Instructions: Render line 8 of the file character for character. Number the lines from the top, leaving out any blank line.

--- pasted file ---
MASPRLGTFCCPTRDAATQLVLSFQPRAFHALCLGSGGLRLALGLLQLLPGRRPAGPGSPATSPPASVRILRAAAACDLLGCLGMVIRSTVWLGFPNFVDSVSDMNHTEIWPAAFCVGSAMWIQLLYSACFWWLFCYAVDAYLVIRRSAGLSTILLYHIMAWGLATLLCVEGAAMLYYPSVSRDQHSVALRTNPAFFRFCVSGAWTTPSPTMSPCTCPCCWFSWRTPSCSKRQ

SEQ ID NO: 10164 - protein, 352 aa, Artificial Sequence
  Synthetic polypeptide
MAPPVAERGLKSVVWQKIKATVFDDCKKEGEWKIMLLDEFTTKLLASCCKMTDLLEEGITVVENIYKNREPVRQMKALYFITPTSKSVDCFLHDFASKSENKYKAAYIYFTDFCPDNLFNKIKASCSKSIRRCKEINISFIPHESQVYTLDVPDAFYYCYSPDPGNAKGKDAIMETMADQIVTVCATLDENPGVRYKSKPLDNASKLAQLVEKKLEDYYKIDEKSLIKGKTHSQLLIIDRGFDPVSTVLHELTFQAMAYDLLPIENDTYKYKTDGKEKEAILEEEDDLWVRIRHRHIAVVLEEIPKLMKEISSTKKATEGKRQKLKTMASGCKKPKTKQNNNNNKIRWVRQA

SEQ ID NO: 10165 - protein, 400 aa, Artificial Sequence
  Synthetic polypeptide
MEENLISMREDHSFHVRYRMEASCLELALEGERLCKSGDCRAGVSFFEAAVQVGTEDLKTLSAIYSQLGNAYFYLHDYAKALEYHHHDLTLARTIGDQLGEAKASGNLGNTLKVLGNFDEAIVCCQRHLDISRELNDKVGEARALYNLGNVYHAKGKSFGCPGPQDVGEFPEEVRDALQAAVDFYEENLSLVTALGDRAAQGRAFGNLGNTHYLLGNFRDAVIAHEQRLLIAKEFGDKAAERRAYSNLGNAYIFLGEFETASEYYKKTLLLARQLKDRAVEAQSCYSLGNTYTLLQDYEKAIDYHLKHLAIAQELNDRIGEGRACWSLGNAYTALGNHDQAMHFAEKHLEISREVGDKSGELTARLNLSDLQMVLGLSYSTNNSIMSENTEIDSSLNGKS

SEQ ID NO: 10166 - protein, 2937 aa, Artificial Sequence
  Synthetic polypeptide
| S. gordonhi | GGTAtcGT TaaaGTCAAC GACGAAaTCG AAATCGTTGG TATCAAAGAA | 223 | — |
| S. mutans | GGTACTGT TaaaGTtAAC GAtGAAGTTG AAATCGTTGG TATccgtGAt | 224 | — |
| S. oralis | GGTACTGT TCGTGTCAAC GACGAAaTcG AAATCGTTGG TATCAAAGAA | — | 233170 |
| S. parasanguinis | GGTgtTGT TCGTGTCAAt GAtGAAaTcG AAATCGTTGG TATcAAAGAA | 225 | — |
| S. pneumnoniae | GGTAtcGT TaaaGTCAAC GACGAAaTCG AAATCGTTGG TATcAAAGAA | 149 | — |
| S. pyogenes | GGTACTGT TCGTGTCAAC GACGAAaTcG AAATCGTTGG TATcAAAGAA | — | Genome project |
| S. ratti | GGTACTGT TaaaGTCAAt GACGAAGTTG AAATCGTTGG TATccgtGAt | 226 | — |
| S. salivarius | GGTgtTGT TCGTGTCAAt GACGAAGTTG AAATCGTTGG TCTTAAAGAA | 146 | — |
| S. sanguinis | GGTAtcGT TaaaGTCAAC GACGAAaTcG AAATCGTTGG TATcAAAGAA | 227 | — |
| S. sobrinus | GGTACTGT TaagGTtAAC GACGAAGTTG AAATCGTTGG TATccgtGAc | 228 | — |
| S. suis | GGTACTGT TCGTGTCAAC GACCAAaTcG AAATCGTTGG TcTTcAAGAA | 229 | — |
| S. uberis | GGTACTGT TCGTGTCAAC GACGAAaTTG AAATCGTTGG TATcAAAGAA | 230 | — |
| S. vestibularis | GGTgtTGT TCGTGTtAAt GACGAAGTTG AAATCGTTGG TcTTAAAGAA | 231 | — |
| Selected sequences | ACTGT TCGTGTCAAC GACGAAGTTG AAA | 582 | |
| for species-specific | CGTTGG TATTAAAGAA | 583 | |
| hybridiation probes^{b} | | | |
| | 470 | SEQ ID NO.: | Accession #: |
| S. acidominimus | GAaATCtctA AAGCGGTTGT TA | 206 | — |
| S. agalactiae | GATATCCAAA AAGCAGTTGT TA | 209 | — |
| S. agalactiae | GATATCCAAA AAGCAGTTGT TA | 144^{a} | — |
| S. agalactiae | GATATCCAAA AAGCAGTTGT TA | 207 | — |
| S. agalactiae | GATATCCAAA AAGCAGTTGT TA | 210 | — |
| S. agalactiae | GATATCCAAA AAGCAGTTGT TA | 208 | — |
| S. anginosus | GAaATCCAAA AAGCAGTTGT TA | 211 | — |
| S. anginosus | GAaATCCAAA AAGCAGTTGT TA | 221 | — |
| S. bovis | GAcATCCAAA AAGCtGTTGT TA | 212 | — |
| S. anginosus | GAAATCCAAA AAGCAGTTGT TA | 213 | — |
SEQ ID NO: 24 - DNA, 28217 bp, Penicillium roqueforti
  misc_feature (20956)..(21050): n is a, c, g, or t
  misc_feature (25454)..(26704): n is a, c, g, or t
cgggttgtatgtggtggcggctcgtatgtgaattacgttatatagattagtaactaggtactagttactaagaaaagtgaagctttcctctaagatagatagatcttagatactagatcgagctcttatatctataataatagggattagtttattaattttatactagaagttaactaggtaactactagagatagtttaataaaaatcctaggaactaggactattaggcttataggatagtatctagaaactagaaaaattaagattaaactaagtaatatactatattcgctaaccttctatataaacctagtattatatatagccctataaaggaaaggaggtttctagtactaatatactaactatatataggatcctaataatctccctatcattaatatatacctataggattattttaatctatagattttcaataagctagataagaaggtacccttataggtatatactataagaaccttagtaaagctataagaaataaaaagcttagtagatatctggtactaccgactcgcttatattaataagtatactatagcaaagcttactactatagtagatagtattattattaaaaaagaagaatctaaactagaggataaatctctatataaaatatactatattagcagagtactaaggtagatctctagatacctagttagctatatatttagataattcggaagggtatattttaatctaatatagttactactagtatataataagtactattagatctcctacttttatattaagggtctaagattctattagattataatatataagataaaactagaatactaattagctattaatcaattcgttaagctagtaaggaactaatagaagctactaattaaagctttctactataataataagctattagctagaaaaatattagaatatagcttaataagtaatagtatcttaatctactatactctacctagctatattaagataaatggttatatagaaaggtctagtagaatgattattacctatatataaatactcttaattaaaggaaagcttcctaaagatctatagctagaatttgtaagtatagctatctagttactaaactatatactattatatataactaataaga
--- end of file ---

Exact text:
SEQ ID NO: 10166 - protein, 2937 aa, Artificial Sequence